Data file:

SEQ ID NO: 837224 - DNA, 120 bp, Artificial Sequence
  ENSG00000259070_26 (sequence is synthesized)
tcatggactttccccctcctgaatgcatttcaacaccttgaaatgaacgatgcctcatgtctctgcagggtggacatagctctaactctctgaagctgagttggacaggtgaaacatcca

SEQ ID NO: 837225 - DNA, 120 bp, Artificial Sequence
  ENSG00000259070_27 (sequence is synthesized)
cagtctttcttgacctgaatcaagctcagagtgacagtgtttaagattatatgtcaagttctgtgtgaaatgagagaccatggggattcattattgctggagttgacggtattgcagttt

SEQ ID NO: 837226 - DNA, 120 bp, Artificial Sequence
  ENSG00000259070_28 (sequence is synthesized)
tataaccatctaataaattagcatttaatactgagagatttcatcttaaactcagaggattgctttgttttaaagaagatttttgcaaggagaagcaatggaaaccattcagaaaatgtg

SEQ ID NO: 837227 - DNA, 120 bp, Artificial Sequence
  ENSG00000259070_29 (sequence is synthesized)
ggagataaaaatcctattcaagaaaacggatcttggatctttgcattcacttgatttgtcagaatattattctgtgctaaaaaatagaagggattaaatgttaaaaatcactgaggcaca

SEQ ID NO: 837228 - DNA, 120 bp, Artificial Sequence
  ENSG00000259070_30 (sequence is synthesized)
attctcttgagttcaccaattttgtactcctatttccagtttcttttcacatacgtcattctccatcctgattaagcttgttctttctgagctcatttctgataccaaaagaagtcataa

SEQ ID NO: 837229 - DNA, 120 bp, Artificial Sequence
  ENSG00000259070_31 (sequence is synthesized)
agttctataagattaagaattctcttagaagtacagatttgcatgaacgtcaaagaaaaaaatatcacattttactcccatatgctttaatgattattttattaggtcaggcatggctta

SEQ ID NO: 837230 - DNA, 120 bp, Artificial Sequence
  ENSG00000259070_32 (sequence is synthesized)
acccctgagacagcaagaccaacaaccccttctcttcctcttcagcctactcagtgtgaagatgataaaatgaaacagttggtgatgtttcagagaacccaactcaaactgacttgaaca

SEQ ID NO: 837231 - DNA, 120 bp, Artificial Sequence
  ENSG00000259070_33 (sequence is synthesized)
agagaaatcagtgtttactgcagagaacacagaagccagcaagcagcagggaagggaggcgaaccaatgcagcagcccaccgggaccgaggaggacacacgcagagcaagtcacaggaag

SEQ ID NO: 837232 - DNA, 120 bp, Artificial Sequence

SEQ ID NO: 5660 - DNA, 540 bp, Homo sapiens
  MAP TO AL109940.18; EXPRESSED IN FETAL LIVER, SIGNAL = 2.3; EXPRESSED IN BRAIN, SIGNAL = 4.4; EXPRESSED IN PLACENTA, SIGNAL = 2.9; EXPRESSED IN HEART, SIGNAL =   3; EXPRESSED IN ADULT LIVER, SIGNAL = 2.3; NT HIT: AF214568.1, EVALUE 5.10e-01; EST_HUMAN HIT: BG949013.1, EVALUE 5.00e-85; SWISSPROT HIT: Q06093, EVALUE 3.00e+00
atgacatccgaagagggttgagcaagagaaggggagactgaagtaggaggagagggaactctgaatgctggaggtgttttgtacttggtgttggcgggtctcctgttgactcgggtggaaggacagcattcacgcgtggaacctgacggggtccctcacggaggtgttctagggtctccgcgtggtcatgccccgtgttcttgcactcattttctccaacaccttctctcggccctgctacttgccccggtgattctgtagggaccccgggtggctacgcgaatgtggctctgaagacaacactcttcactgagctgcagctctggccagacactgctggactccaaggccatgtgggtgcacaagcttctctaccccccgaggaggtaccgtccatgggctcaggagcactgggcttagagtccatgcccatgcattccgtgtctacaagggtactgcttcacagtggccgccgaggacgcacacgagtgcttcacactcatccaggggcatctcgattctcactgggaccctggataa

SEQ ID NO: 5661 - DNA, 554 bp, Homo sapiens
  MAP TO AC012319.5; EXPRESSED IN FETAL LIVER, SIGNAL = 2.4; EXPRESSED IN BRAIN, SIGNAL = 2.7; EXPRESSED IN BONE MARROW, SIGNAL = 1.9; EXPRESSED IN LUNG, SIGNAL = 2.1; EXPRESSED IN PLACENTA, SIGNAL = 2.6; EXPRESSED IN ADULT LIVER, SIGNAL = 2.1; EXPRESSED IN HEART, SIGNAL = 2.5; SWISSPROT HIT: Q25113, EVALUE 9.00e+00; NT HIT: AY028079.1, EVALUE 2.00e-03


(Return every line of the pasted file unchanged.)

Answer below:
SEQ ID NO: 837224 - DNA, 120 bp, Artificial Sequence
  ENSG00000259070_26 (sequence is synthesized)
tcatggactttccccctcctgaatgcatttcaacaccttgaaatgaacgatgcctcatgtctctgcagggtggacatagctctaactctctgaagctgagttggacaggtgaaacatcca

SEQ ID NO: 837225 - DNA, 120 bp, Artificial Sequence
  ENSG00000259070_27 (sequence is synthesized)
cagtctttcttgacctgaatcaagctcagagtgacagtgtttaagattatatgtcaagttctgtgtgaaatgagagaccatggggattcattattgctggagttgacggtattgcagttt

SEQ ID NO: 837226 - DNA, 120 bp, Artificial Sequence
  ENSG00000259070_28 (sequence is synthesized)
tataaccatctaataaattagcatttaatactgagagatttcatcttaaactcagaggattgctttgttttaaagaagatttttgcaaggagaagcaatggaaaccattcagaaaatgtg

SEQ ID NO: 837227 - DNA, 120 bp, Artificial Sequence
  ENSG00000259070_29 (sequence is synthesized)
ggagataaaaatcctattcaagaaaacggatcttggatctttgcattcacttgatttgtcagaatattattctgtgctaaaaaatagaagggattaaatgttaaaaatcactgaggcaca

SEQ ID NO: 837228 - DNA, 120 bp, Artificial Sequence
  ENSG00000259070_30 (sequence is synthesized)
attctcttgagttcaccaattttgtactcctatttccagtttcttttcacatacgtcattctccatcctgattaagcttgttctttctgagctcatttctgataccaaaagaagtcataa

SEQ ID NO: 837229 - DNA, 120 bp, Artificial Sequence
  ENSG00000259070_31 (sequence is synthesized)
agttctataagattaagaattctcttagaagtacagatttgcatgaacgtcaaagaaaaaaatatcacattttactcccatatgctttaatgattattttattaggtcaggcatggctta

SEQ ID NO: 837230 - DNA, 120 bp, Artificial Sequence
  ENSG00000259070_32 (sequence is synthesized)
acccctgagacagcaagaccaacaaccccttctcttcctcttcagcctactcagtgtgaagatgataaaatgaaacagttggtgatgtttcagagaacccaactcaaactgacttgaaca

SEQ ID NO: 837231 - DNA, 120 bp, Artificial Sequence
  ENSG00000259070_33 (sequence is synthesized)
agagaaatcagtgtttactgcagagaacacagaagccagcaagcagcagggaagggaggcgaaccaatgcagcagcccaccgggaccgaggaggacacacgcagagcaagtcacaggaag

SEQ ID NO: 837232 - DNA, 120 bp, Artificial Sequence

SEQ ID NO: 5660 - DNA, 540 bp, Homo sapiens
  MAP TO AL109940.18; EXPRESSED IN FETAL LIVER, SIGNAL = 2.3; EXPRESSED IN BRAIN, SIGNAL = 4.4; EXPRESSED IN PLACENTA, SIGNAL = 2.9; EXPRESSED IN HEART, SIGNAL =   3; EXPRESSED IN ADULT LIVER, SIGNAL = 2.3; NT HIT: AF214568.1, EVALUE 5.10e-01; EST_HUMAN HIT: BG949013.1, EVALUE 5.00e-85; SWISSPROT HIT: Q06093, EVALUE 3.00e+00
atgacatccgaagagggttgagcaagagaaggggagactgaagtaggaggagagggaactctgaatgctggaggtgttttgtacttggtgttggcgggtctcctgttgactcgggtggaaggacagcattcacgcgtggaacctgacggggtccctcacggaggtgttctagggtctccgcgtggtcatgccccgtgttcttgcactcattttctccaacaccttctctcggccctgctacttgccccggtgattctgtagggaccccgggtggctacgcgaatgtggctctgaagacaacactcttcactgagctgcagctctggccagacactgctggactccaaggccatgtgggtgcacaagcttctctaccccccgaggaggtaccgtccatgggctcaggagcactgggcttagagtccatgcccatgcattccgtgtctacaagggtactgcttcacagtggccgccgaggacgcacacgagtgcttcacactcatccaggggcatctcgattctcactgggaccctggataa

SEQ ID NO: 5661 - DNA, 554 bp, Homo sapiens
  MAP TO AC012319.5; EXPRESSED IN FETAL LIVER, SIGNAL = 2.4; EXPRESSED IN BRAIN, SIGNAL = 2.7; EXPRESSED IN BONE MARROW, SIGNAL = 1.9; EXPRESSED IN LUNG, SIGNAL = 2.1; EXPRESSED IN PLACENTA, SIGNAL = 2.6; EXPRESSED IN ADULT LIVER, SIGNAL = 2.1; EXPRESSED IN HEART, SIGNAL = 2.5; SWISSPROT HIT: Q25113, EVALUE 9.00e+00; NT HIT: AY028079.1, EVALUE 2.00e-03